The movie “Saved!,” a very amusing spoof of evangelical Christian culture, came out when I was in high school. My friends raved about it to me. “Lindsey, you’ve got to see it! I know you’re a Christian but…you’re not one of those Christians.” I took that as a high complement and certainly enjoyed the movie (just as I really enjoy “Dogma”-so sacrilegious, but so hilarious).
I knew what they meant by one of “those” Christians. The ones who are heavily steeped in evangelical American Christian culture, who seem to sort of live in an alternate reality. Who make everyone in a room just a little uncomfortable by how they talk about God, in part because they seem to assume that everyone is an evangelical Christian who absolutely believes all of the same things that they do and has the same relationship with God. When they don’t come off as bigots, they often just seem awkward.
Honestly, I’m not quite comfortable with “those” Christians either. Nor with the culture they’re immersed in. Stopping by the few Christian blogs that I periodically visit today had me thinking about this. While I visit them because I can find their writing refreshing or amusing or enlightening sometimes, I also quickly find myself thinking “Your world is so not my world.” Today that’s almost all I could think.
That led me to ask myself how it is that, even though I grew up in an evangelical Christian home, have an active relationship with the Christian God and went to a Christian University, I still feel like an outsider when I encounter evangelical Christian culture. Besides maybe a natural disposition to march to the beat of my own drum, I came up with this little list of reasons why maybe I’m usually not considered one of “those” Christians. If you’re wondering how to not be one of “those” Christians, maybe my list will help you:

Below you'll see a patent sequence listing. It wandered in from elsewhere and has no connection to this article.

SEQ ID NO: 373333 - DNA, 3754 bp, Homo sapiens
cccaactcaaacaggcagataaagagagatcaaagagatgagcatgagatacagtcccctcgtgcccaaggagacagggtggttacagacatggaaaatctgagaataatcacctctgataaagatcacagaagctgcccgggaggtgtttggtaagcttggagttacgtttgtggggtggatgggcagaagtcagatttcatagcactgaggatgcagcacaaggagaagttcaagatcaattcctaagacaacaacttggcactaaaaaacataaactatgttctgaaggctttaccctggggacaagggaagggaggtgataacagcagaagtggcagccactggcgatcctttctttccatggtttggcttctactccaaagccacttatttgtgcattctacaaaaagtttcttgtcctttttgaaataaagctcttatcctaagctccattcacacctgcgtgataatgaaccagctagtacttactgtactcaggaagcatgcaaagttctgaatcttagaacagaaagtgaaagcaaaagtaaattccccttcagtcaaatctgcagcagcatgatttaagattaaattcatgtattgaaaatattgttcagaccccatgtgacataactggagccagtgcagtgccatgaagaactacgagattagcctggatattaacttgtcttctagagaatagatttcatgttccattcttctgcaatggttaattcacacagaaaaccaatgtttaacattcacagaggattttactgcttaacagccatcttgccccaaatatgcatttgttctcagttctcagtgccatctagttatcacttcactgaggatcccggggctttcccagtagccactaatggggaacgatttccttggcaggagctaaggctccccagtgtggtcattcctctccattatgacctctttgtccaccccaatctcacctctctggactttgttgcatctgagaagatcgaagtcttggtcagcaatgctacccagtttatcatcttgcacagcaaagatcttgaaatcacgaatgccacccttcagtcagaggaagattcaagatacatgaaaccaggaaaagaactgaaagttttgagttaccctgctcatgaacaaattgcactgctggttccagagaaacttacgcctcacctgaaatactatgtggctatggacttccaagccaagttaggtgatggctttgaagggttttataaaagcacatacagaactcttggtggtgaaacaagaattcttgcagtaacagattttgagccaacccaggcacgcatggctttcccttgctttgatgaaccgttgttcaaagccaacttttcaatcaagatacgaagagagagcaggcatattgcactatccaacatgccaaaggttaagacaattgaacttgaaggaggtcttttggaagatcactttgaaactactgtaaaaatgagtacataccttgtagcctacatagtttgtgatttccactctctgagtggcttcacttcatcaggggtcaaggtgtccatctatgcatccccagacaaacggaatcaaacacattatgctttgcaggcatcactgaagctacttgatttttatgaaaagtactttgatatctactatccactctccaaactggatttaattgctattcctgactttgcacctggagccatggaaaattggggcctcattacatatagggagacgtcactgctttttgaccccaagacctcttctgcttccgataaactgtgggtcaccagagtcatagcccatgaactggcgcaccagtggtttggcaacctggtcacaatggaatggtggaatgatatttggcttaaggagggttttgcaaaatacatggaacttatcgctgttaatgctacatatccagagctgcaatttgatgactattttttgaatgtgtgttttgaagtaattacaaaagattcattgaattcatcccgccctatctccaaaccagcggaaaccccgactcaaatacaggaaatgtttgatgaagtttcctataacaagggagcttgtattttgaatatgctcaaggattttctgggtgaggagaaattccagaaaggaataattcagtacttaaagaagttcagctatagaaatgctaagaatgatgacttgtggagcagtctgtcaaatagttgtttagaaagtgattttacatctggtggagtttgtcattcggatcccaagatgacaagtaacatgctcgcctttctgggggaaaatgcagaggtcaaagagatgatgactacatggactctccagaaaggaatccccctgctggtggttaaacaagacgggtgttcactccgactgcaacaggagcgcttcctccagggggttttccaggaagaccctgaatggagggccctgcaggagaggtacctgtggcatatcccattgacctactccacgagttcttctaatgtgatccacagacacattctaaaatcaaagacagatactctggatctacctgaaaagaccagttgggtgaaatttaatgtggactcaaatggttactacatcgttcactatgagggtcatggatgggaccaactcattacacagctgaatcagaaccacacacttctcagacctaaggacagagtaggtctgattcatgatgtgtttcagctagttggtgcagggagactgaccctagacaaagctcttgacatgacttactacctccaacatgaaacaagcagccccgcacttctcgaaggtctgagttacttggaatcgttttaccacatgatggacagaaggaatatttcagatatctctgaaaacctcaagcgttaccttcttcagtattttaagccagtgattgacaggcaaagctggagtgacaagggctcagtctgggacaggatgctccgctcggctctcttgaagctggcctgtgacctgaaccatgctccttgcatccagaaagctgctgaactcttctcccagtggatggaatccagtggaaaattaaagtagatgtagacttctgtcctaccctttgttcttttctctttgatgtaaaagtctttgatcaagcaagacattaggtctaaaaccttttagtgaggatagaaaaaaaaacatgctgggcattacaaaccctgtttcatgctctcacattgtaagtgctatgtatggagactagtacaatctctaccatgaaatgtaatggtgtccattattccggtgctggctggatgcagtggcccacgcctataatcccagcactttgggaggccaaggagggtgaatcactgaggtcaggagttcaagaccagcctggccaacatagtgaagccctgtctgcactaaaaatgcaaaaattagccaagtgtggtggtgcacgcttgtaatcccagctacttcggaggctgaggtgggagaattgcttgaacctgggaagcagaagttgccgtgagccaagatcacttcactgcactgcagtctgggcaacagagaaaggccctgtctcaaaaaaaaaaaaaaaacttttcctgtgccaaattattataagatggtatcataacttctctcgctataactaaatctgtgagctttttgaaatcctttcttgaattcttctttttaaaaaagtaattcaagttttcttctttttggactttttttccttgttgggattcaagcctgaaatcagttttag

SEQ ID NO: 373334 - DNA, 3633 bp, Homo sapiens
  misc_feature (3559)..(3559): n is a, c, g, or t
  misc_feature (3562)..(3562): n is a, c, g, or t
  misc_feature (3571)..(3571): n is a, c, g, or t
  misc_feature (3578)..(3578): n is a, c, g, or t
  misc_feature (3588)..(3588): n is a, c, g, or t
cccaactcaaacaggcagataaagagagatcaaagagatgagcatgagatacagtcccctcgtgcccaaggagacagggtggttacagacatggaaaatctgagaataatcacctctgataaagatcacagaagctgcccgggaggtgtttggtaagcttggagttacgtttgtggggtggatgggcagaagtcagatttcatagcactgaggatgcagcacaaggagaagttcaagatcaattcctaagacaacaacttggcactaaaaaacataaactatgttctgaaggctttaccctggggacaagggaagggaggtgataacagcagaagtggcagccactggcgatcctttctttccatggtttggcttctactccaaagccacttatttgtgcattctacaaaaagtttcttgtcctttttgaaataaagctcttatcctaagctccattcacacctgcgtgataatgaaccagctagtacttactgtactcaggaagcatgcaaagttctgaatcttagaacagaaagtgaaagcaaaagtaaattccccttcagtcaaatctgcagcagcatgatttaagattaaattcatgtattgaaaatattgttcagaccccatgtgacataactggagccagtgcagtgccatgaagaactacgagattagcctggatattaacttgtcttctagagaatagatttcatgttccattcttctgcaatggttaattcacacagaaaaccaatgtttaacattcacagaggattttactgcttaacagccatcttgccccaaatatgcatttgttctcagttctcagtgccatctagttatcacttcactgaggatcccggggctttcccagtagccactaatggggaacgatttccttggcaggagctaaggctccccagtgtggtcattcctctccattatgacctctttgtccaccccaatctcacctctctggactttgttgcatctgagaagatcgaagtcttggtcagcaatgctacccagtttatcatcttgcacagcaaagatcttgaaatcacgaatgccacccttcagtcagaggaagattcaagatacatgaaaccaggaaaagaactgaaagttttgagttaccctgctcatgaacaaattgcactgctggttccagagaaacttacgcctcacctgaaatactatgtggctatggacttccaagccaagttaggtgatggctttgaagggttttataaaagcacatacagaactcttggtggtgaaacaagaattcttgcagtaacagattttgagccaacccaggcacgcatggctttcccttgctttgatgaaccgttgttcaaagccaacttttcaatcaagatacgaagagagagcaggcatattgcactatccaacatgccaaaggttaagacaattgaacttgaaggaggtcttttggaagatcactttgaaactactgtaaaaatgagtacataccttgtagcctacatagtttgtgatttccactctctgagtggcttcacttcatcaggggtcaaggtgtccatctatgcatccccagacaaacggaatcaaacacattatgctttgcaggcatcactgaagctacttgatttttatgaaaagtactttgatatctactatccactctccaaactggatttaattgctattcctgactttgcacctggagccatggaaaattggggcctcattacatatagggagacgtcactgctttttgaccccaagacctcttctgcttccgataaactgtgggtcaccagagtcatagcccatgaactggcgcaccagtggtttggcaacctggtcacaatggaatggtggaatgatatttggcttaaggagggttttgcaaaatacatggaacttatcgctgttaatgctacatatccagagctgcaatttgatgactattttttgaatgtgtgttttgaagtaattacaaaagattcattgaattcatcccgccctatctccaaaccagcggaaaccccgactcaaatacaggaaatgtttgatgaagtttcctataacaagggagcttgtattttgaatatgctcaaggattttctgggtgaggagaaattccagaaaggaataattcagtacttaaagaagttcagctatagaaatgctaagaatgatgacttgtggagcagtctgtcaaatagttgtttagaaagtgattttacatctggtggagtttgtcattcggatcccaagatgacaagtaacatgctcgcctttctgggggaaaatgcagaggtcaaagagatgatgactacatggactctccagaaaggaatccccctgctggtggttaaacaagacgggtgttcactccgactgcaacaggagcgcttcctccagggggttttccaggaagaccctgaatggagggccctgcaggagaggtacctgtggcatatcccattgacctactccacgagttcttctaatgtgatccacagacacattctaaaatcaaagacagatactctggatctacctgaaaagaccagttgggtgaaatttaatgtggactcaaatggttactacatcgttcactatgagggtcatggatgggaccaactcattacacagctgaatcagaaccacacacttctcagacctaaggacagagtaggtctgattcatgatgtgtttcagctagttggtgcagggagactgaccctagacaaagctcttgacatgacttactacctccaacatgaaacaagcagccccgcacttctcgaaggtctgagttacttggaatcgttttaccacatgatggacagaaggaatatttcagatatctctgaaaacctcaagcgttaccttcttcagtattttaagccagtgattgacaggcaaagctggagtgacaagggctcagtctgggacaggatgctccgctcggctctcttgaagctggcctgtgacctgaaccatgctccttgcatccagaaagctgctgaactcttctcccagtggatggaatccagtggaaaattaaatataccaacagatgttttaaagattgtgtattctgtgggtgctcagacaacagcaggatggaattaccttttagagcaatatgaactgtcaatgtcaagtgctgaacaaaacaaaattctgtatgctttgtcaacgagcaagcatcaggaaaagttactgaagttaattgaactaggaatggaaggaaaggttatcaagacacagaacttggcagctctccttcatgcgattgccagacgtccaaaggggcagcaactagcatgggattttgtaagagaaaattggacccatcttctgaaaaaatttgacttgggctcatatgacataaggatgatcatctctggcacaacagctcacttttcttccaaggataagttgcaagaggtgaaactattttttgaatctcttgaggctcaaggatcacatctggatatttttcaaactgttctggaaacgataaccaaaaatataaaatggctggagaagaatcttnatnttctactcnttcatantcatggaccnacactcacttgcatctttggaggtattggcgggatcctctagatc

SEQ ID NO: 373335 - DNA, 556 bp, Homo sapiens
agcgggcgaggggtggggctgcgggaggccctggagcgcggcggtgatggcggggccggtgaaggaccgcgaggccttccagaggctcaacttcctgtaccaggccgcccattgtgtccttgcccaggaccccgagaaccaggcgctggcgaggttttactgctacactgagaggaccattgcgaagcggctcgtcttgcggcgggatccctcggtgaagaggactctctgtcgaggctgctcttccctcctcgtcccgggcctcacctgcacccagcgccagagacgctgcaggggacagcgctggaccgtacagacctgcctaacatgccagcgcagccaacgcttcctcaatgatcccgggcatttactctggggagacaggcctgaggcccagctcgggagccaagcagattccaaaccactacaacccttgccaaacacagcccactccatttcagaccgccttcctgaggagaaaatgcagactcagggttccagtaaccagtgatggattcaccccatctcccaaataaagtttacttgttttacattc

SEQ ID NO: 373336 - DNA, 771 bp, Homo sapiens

- Keep a wide berth from Christian bookstores. I by no means want to dis on Christian literature because there are some very valuable books out there. I’d even highly recommended anything by G.K. Chesterton or Timothy Keller, most of C.S. Lewis’ works (especially The Great Divorce and Til We Have Faces), Rob Bell’s first book and Donald Miller’s books. But you should be able to get these books at your local nonreligious bookstore or off amazon. Barnes & Nobel also usually has a reasonably sized religious section. Why venture into the wildly strange/backwards world of the Christian bookstore?
- Read books, watch films and listen to bands because they interest you and are good, not simply because they are Christian. Enough said?
- Don’t cloister yourself in completely Christian company. It’s very valuable to have a network of people who share your beliefs and have a common worldview, but it is also enriching to have relationships with people whose perspectives and beliefs differ from your own. Similar to that last point, I would recommend that you befriend people because you click with them and enjoy them, not just because you believe the “same things.”
- Participate in the broader culture and engage with it thoughtfully and respectfully. I could write a whole post on this but for now I’ll just say that you should keep in mind that you are a part of a broader culture (that you are more than just a Christian) and should engage with others in a way that is respectful of difference (which means recognizing that you cannot force your values on someone, especially not by using a religious text they do not believe in as the authority for your argument).
- Put on love, which is the perfect bond of unity (Colossians 3:14). There is something about that phrasing of putting on love that I think is very powerful. Sadly, when most people see Christians they see them as judgmental, condescending, self-righteous or small minded. When people look at you, what they should see is that you are loving.
Is there anything you would add to this list?